I apologize for the delay in posting my farewell entry. Though it was written on the 23rd, I've had sporadic internet since leaving Barcelona. (After The Onix's infamous Telefonica connection, who would have thought anything could have been less predictable?)
Anyway, this is it for now. Thanks for following my adventures this semester. I hope you enjoyed them as much as I did.
Buen año nuevo!
I'm mid transit, but I'm still in minor disbelief that the semester is over. Minus the excessive baggage, it just feels like I'm going away for the weekend. Of course I'll be back in Barcelona on Monday! The end comes at a good time though, I think. I'm still in love with Barca, but I've hit that point where I'm about ready to head home.
I spent the last few days playing an excessive number of "remember when?" games, and sitting here in the airport by myself, I'm having some serious nostalgia moments.
I'm going to miss just wandering around Barcelona, finding little side streets and engrossing myself in the local culture. I'll miss being able to play the dumb American when I need to, but also being able to surprise people with my ability to speak and understand Spanish when they least expect it.
On the other hand, though I'm not ready to start eating dinner at 6 pm again (that's practically lunch time!), large cups of coffee, fountain soda and free refills are all looking pretty good. And while being a girl in Spain has its undeniable advantages, I think I have enough "Hola Guapa" to last me a lifetime.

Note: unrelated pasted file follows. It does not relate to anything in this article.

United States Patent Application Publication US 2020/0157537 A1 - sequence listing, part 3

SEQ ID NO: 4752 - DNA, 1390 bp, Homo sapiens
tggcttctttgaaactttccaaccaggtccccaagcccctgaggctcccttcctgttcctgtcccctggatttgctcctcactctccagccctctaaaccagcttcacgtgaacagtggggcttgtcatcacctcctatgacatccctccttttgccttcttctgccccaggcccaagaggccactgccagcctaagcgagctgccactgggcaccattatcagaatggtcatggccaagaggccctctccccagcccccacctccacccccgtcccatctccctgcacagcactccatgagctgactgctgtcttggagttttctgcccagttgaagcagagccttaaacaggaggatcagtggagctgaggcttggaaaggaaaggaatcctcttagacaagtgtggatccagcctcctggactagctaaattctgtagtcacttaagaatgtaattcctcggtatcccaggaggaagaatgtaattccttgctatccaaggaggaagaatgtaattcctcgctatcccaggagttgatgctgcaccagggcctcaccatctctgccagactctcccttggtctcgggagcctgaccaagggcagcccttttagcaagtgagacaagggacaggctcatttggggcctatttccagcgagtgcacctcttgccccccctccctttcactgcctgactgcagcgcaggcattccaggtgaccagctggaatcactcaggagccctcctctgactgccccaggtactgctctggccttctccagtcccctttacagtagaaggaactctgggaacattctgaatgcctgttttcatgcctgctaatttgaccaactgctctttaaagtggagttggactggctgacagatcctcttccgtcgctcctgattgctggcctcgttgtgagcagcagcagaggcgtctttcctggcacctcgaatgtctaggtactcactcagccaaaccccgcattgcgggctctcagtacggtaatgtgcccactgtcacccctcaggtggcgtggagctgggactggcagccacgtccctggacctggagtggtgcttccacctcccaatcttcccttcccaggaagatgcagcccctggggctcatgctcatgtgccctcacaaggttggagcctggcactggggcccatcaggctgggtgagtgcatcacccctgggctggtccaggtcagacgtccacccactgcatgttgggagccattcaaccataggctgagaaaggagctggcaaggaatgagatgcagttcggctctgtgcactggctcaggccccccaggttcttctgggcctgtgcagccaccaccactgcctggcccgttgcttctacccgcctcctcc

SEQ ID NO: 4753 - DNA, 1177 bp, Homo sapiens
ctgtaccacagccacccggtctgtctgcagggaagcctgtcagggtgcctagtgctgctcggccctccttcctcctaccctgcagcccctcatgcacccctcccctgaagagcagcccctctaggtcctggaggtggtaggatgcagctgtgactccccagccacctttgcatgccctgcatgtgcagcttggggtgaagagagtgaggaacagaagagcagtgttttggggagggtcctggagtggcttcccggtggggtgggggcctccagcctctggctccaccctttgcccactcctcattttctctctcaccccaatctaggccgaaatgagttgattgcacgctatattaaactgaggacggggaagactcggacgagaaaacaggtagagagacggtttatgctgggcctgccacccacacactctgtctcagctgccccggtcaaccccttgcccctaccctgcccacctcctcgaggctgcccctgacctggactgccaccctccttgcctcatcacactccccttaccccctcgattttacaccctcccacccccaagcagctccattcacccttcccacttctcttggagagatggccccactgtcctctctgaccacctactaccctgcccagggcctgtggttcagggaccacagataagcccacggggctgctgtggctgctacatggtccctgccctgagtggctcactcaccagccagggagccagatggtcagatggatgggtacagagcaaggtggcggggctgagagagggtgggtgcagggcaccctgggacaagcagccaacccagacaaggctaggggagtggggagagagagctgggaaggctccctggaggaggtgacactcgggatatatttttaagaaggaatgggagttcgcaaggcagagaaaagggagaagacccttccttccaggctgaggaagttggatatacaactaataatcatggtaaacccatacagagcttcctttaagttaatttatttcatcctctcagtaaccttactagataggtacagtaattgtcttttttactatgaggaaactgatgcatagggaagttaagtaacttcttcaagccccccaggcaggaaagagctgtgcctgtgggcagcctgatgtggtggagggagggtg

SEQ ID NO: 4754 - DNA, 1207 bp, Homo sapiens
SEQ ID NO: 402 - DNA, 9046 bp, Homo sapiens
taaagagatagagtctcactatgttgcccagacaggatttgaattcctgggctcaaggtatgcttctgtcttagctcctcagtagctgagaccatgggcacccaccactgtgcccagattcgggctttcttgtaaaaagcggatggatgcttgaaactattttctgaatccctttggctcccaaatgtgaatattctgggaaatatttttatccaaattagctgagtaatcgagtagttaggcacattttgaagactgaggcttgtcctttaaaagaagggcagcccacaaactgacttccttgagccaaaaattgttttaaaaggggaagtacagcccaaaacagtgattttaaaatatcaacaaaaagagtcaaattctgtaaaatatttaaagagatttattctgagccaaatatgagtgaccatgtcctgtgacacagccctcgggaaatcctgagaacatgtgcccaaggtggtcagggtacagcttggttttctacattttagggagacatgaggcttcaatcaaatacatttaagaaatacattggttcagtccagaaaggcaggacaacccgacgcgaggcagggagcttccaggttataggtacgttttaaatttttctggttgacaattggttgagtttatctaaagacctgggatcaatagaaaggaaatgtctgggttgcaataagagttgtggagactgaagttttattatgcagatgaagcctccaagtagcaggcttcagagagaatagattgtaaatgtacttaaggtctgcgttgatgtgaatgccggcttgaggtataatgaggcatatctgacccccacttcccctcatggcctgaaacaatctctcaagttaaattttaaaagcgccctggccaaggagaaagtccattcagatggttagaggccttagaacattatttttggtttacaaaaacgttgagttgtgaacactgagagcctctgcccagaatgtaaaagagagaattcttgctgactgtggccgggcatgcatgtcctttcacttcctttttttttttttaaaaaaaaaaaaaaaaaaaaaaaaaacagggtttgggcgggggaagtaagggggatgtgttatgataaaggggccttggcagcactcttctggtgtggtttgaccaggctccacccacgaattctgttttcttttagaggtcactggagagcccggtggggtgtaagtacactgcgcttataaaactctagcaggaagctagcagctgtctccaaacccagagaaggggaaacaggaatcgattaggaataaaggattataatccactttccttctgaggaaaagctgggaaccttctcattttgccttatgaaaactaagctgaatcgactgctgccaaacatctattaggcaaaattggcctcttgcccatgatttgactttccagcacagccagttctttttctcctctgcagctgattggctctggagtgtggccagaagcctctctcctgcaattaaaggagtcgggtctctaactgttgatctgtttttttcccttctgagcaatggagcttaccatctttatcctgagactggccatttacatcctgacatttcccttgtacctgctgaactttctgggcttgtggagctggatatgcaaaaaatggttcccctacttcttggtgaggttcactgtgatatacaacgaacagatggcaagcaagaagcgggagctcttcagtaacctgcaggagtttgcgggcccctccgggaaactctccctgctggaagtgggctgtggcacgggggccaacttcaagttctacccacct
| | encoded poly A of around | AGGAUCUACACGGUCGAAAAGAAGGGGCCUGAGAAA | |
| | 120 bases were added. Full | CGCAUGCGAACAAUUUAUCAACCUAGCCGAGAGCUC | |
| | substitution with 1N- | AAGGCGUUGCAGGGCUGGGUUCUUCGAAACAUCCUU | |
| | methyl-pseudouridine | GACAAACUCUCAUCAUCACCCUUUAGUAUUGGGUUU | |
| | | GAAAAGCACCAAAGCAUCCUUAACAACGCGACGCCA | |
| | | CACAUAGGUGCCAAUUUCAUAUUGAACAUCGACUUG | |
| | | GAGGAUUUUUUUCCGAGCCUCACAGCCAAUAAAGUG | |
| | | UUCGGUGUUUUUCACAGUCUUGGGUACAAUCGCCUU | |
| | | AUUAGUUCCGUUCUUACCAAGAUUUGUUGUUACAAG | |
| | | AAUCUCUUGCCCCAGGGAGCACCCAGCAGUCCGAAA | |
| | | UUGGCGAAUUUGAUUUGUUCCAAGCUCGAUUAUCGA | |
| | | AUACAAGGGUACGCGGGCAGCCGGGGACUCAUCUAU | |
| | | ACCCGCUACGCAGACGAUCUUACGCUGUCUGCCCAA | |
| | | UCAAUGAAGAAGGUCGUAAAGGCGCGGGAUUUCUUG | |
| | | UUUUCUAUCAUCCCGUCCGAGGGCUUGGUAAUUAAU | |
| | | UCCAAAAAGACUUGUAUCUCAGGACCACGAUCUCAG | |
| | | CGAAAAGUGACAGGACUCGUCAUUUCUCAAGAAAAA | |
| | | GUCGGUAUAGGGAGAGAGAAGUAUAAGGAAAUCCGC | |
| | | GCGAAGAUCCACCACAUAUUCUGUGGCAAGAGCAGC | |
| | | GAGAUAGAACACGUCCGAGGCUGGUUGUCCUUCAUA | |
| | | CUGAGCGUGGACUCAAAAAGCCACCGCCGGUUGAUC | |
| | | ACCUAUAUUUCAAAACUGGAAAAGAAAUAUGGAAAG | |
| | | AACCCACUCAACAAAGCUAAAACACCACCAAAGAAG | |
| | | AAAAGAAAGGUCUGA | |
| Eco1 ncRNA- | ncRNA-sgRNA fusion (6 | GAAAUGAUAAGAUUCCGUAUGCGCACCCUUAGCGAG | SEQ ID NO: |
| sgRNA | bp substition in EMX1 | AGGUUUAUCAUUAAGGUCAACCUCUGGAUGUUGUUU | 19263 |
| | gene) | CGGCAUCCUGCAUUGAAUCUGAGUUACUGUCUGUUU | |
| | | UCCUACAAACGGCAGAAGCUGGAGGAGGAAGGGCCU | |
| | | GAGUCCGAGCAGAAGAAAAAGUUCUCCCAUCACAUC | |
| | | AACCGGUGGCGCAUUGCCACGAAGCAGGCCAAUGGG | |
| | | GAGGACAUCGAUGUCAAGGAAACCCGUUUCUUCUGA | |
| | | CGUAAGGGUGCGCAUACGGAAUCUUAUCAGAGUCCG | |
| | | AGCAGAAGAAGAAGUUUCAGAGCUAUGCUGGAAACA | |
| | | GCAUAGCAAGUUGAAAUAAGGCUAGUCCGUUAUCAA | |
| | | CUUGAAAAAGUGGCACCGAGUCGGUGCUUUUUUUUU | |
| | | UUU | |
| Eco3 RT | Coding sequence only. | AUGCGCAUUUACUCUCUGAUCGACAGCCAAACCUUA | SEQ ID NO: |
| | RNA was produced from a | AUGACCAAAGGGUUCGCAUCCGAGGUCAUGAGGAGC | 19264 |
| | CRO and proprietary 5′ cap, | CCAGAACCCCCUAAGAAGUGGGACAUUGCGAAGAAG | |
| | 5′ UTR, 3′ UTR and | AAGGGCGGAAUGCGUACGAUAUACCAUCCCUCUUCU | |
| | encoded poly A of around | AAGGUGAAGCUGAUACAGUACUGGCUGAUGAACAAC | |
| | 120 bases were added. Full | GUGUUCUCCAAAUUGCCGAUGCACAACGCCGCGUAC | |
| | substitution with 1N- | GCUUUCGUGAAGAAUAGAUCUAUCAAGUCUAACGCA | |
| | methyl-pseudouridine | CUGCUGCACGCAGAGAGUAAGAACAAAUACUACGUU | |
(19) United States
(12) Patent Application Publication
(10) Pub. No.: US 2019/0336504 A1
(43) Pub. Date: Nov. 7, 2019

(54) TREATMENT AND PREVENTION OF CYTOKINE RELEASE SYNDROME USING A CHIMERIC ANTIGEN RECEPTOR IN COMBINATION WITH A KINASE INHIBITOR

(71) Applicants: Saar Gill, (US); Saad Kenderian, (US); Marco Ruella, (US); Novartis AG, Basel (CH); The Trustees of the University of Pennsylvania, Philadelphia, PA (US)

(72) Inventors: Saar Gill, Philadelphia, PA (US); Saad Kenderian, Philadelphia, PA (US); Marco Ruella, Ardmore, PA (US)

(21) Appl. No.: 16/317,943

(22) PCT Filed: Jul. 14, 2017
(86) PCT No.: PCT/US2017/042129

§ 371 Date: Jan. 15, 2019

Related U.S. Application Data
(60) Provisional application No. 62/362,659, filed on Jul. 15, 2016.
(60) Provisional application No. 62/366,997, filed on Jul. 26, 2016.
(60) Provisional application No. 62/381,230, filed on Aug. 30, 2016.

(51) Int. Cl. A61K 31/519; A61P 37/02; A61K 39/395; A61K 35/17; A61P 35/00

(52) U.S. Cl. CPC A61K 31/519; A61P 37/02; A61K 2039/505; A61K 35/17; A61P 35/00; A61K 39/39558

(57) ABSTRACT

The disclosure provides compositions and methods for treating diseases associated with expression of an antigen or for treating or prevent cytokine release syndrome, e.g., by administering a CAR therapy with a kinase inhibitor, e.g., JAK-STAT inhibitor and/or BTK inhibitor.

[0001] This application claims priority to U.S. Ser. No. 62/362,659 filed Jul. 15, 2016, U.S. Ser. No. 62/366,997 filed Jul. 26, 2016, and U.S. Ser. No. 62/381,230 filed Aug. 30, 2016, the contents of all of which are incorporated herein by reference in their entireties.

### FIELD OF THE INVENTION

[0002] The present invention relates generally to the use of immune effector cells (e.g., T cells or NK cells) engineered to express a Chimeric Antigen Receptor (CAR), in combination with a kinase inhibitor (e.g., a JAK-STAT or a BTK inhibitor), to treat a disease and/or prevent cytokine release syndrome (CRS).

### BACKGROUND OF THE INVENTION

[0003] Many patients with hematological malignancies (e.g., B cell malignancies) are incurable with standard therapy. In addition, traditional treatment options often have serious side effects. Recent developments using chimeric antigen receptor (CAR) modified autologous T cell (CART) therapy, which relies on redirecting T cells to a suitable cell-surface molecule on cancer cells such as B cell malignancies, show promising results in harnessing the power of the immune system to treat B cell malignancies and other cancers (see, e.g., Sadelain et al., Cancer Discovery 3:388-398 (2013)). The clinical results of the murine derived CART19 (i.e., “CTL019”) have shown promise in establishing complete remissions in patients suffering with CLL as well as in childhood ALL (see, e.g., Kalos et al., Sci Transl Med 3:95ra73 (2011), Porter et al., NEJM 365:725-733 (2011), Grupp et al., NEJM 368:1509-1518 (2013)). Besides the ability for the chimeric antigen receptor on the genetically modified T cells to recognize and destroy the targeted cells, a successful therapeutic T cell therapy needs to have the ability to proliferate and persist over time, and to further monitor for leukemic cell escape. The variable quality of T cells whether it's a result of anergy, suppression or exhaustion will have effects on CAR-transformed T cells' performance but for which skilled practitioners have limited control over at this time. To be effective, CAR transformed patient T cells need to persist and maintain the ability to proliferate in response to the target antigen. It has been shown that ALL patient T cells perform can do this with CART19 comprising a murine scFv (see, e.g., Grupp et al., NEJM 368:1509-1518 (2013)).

When one of my friend's mom's was visiting, she asked each of us to list the three things we liked most and the three things we liked least about studying abroad. At the time I struggled a little bit with the answer and even now, I'm not entirely sure I could answer it. So I'll take a different tact.
The other night at dinner, my friend Zach asked each of us (for the purposes of the Agenda Cultural) to offer one piece of advice and one warning to the CASBians of next semester. I was sitting and blindly eating tapas, and so the first tidbit of advice I could think of was: eat everything and ask what it is later. I think that idea applies to most of my semester in a broader sense.
So I started taking a class, having absolutely no idea what was going on and no idea when the final exam would be. I still don't. But I learned more in that class than any of my others, and actually really enjoyed it. So I hopped on a plane to a foreign city with people I barely knew. Or got off at the complete wrong subway stop, got incredibly lost and found myself in some strange parts of Barcelona. Or walked into a first grade classroom having absolutely no idea what I was supposed to do with a room full of Catalan six-year-olds.
My warning was that things will go wrong. There was the time I sat through three classes in Catalan, went through two frustrating weeks of trying to matriculate and spent a couple train rides back to Barcelona trying not to completely lose it. Or the endless occasions on which I simply could not express what I needed to. Or the cell phones, computers, subways, lofty plans, internet connections and recipes that just did not work.
But I rolled with the punches, chalked most of it up to Spanish insanity and had more adventures than I can count at this point. It was an unbelievable semester. But I'll close this before I get too unnecessarily sentimental.
And so I return to the United States with a suitcase full of very dirty laundry, a vocabulary of Spanglishatalan, an acquired taste for wine, a penchant for cooking all things in olive oil and a very deep love for Barcelona.